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​How to Reduce Game Lag

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  • ​How to Reduce Game Lag

    When you're playing PC games online
    there are usually two major problems you may experience: bad lag and poor performance.
    If you play lots of games online, you've likely experienced problems with lag and high ping.
    Data takes time to travel from your computer to the game server and back, and this results in lag.
    There's not a whole lot you can do to improve your lag if you're connecting to far away servers,
    but you can still optimize your network for the best gaming experience.
    If your game is stuttering or has a low frames per second, your hardware is likely not up to the task.
    You can improve your game's performance by tweaking settings and minimizing background tasks.
    1..Close any network-hogging programs on your computer.
    Before playing your online game, make sure any bandwidth-chugging programs are closed. Torrents, streaming music,
    and open browsers can all have a big impact on your in-game lag.
    Close these programs before starting your game. Look in the System Tray for programs that may be running in the background
    2.Check if there are any other devices on your network taking bandwidth. If someone is streaming video in the other room, (WIFI DISABLE)
    you'll likely take a big hit to your ping.
    Try to time your gaming to when others aren't using the network, or ask politely if they can do something else for a while.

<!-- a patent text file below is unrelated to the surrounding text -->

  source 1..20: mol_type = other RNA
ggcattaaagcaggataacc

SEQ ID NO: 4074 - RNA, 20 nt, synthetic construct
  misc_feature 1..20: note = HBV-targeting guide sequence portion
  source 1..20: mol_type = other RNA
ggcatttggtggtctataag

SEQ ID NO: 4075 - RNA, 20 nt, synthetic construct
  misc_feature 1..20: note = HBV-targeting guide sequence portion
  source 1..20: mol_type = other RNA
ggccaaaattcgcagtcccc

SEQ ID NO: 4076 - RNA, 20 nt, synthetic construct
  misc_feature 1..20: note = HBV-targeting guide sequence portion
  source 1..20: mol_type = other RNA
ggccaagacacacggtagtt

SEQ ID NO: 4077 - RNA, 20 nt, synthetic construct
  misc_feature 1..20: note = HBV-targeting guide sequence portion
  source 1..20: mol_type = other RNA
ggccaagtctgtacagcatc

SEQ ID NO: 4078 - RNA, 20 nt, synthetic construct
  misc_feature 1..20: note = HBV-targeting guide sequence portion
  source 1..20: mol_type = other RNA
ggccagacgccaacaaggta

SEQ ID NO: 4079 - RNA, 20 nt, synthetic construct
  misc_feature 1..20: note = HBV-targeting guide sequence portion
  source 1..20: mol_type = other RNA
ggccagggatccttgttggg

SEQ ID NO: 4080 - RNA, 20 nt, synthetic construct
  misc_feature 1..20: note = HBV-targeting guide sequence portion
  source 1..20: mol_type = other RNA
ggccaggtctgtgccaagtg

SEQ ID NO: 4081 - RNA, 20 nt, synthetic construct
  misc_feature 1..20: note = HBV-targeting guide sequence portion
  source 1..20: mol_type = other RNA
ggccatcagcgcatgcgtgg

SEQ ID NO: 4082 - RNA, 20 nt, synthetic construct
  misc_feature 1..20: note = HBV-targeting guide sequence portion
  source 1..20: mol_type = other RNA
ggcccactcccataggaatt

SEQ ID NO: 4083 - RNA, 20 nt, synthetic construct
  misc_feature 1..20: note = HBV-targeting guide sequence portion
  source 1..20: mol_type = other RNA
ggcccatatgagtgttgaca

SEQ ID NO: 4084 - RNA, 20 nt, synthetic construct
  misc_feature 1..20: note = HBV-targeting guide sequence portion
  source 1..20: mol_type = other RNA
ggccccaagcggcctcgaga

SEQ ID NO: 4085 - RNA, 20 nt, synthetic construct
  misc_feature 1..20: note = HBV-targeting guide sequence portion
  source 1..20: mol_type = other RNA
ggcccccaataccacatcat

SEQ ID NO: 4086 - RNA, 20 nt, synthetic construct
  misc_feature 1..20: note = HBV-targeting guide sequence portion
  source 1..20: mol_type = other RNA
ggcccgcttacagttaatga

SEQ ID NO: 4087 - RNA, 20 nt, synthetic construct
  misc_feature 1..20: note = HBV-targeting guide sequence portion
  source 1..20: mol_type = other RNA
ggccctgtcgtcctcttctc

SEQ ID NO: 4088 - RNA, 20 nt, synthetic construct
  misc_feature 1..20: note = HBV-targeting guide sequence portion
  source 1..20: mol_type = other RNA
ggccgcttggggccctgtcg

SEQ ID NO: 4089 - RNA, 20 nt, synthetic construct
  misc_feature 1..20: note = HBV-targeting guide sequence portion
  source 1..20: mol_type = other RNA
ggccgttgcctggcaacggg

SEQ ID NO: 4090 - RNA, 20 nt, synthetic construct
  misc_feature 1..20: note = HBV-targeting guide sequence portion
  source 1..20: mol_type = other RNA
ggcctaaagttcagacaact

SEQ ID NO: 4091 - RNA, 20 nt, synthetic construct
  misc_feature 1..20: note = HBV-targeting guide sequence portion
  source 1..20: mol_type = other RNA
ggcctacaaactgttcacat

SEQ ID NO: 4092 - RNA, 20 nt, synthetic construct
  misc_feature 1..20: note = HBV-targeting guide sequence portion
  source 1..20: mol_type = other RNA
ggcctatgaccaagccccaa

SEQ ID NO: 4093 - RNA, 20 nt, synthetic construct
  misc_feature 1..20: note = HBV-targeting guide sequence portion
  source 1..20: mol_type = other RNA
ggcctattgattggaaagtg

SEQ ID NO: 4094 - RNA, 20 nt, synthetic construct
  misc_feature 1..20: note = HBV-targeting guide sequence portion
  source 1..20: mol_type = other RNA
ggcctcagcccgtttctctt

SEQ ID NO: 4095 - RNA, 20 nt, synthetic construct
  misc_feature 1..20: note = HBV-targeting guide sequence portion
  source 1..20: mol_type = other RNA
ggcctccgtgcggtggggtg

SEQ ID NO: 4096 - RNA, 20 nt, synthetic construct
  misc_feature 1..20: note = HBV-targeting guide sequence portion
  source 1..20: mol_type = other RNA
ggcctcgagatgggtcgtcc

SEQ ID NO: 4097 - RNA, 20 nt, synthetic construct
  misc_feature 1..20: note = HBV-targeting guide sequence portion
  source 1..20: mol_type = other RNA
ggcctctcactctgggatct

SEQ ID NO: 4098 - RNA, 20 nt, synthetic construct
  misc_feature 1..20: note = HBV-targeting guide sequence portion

Reset your network hardware. If you're noticing worse lag than usual, resetting your network hardware may solve the problem.
    This will disable your network for a short while, so close your game first and make sure you're not interrupting anyone else:
    Remove the power cable from your modem and from your router, if you have a separate one.
    Let your network hardware rest unplugged for about 30 seconds.
    Plug your modem back in and wait for it to boot up. This could take a minute or two.
    Plug your router back in after the modem finishes turning on, if you have one. The router may take an additional minute or two to turn back on.
    Check for malware on your computer.
    If you have a virus or adware infection,
    background processes may be eating up a lot of your bandwidth and processing power. Make sure your antivirus program is up to date,
    and run scans with Malwarebytes Anti-Malware and AdwCleaner (both free) to find and remove most common infections.
    Enable QoS on your router (if possible).
    If you have a router that supports QoS (Quality of Service) controls,
    you can use them to prioritize gaming traffic on your network.
    The process for activating these controls vary depending on your router, and not all routers have this feature.
    Look for routers with QoS controls, which can help prioritize gaming traffic on your network
    Most QoS default settings will prioritize gaming and web browsing over other traffic.
    You may need to look up specific settings for your router.
    See Access a Router for instructions on accessing your router's configuration page.
    The QoS settings, if they are available, can usually be found in the "Traffic" section.

    Upgrade your router if you haven't in a while. If you're connected wirelessly and you haven't upgraded your router in a few years,
    you may be able to get a much more stable connection with a new router.
    See Choose a Wireless Router for some tips on finding the right router.